Touched with pity by her worn, haggard face, Madam Conway answered, “Yes, take some of her common ones,” and, choosing the cambric robe which Hester had worn on the morning when the exchange was made, Hagar dressed the body for the grave. When at last everything was ready, and the tiny coffin stood upon the table, Madam Conway drew near and looked for a moment on the emaciated form which rested quietly from all its pain. Hovering at her side was Hagar, and feeling it her duty to say a word of comfort the stately lady remarked that it was best the babe should die; that were it her grandchild she should feel relieved; for had it lived, it would undoubtedly have been physically and intellectually feeble.
“Thank you! I am considerably comforted,” was the cool reply of Hagar, who felt how cruel were the words, and who for a moment was strongly tempted to claim the beautiful Maggie as her own, and give back to the cold, proud woman the senseless clay on which she looked so calmly.
But love for her grandchild conquered. There was nothing in the way of her advancement now, and when at the grave she knelt her down to weep, as the bystanders thought, over her dead, she was breathing there a vow that never so long as she lived should the secret of Maggie’s birth be given to the world unless some circumstance then unforeseen should make it absolutely and unavoidably necessary. To see Maggie grow up into a beautiful, refined, and cultivated woman was now the great object of Hagar’s life; and, fearing lest by some inadvertent word or action the secret should be disclosed, she wished to live by herself, where naught but the winds of heaven could listen to the incoherent whisperings which made her fellow-servants accuse her of insanity.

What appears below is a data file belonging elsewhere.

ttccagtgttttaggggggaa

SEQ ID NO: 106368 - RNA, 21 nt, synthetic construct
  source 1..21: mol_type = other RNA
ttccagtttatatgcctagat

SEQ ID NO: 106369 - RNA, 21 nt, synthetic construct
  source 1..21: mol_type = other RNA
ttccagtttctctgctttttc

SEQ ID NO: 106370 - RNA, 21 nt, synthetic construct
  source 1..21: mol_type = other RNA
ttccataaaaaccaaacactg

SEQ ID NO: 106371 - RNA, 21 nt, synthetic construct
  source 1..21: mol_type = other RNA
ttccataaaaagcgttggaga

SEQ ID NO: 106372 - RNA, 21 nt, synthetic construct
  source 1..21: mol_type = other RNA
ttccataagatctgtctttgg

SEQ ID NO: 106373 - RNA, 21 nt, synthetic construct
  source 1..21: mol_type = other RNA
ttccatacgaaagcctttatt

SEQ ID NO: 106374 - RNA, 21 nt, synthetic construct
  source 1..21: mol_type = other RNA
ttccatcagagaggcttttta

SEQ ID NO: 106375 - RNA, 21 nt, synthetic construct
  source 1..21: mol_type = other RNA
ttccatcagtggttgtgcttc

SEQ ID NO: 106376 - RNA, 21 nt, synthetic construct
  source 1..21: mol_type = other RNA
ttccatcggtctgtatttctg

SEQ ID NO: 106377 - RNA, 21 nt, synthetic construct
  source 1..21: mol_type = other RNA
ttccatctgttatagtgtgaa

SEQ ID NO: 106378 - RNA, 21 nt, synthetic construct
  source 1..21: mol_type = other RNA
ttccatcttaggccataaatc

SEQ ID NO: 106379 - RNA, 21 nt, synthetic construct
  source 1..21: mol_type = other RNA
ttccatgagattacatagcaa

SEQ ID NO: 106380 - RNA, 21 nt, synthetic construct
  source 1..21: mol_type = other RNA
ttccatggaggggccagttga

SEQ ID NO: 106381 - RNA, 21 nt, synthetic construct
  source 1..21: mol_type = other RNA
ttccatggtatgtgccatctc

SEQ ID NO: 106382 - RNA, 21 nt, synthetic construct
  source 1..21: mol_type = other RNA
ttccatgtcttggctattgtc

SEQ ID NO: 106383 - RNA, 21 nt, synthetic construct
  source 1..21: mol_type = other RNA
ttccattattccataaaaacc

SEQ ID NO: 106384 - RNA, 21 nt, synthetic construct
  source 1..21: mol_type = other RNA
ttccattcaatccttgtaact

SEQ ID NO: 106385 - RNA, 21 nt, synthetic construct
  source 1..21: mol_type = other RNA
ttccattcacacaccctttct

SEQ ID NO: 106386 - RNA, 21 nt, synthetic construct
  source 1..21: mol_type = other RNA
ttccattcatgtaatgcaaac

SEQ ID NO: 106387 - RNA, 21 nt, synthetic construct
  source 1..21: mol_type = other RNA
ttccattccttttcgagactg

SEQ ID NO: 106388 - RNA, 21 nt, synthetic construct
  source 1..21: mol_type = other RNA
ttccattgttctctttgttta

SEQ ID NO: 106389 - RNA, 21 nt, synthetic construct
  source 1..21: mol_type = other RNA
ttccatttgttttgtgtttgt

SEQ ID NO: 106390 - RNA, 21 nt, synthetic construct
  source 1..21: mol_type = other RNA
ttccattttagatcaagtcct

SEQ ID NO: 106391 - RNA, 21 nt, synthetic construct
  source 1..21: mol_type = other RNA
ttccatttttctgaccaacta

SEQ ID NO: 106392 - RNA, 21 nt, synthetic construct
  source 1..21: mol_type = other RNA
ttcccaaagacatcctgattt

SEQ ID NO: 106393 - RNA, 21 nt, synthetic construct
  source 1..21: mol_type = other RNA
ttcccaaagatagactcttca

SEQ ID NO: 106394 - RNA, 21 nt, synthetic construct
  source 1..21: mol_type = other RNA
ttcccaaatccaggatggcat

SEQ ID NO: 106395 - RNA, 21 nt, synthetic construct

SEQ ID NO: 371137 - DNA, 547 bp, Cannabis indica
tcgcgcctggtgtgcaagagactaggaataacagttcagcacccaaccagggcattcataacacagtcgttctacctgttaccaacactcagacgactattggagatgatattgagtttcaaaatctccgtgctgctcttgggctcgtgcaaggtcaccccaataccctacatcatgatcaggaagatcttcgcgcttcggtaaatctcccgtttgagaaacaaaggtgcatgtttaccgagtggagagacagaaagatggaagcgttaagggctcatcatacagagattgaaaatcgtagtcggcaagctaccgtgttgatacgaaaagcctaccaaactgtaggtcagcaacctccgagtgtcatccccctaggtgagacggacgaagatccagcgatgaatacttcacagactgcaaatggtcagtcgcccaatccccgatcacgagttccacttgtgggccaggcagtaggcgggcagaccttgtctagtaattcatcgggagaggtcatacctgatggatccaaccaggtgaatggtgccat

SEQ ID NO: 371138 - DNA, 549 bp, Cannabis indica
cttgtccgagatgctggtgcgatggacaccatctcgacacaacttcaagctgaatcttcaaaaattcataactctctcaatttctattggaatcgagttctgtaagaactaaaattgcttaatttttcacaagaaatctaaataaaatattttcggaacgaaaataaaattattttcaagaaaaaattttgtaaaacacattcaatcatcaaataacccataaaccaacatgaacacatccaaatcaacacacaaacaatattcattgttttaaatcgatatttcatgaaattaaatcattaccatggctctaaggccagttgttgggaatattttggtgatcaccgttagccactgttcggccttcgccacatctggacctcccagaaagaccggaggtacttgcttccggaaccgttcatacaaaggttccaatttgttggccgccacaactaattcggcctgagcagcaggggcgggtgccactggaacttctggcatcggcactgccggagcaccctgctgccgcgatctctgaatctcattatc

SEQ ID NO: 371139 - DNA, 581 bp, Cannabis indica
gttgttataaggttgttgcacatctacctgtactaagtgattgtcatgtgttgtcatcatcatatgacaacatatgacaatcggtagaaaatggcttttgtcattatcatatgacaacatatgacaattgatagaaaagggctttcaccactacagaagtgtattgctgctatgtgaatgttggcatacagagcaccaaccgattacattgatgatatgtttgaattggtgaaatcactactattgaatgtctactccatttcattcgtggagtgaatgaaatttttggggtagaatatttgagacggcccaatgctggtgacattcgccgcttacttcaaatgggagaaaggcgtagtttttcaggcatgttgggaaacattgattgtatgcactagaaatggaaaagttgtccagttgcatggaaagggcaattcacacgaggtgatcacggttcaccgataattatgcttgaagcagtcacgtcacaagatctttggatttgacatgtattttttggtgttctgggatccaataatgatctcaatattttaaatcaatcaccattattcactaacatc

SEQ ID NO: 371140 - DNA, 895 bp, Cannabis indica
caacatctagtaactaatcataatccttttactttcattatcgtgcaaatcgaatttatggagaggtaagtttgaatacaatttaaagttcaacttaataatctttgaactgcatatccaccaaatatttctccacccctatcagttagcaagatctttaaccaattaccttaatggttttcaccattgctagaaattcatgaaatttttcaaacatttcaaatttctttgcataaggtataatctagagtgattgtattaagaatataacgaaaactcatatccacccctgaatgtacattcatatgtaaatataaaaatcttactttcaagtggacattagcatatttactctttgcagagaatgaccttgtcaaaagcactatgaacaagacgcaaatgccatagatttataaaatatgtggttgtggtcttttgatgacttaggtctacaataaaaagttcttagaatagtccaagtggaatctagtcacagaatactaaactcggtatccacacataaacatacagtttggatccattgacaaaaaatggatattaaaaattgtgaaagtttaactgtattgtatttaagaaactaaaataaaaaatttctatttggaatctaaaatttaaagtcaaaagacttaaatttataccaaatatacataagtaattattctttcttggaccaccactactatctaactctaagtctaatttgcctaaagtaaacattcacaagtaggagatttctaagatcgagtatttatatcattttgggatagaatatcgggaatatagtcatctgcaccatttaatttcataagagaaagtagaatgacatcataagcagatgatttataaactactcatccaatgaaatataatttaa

Down in the deepest shadow of the woods, and distant from the old stone house nearly a mile, was a half-ruined cottage which, years before, had been occupied by miners, who had dug in the hillside for particles of yellow ore which they fancied to be gold. Long and frequent were the night revels said to have been held in the old hut, which had at last fallen into bad repute and been for years deserted. To one like Hagar, however, there was nothing intimidating in its creaking old floors, its rattling windows and noisome chimney, where the bats and the swallows built their nests; and when one day Madam Conway proposed giving little Maggie into the charge of a younger and less nervous person than herself she made no objection, but surprised her mistress by asking permission to live by herself in the “cottage by the mine,” as it was called.
“It is better for me to be alone,” said she, “for I may do something terrible if I stay here, something I would sooner die than do,” and her eyes fell upon Maggie sleeping in her cradle.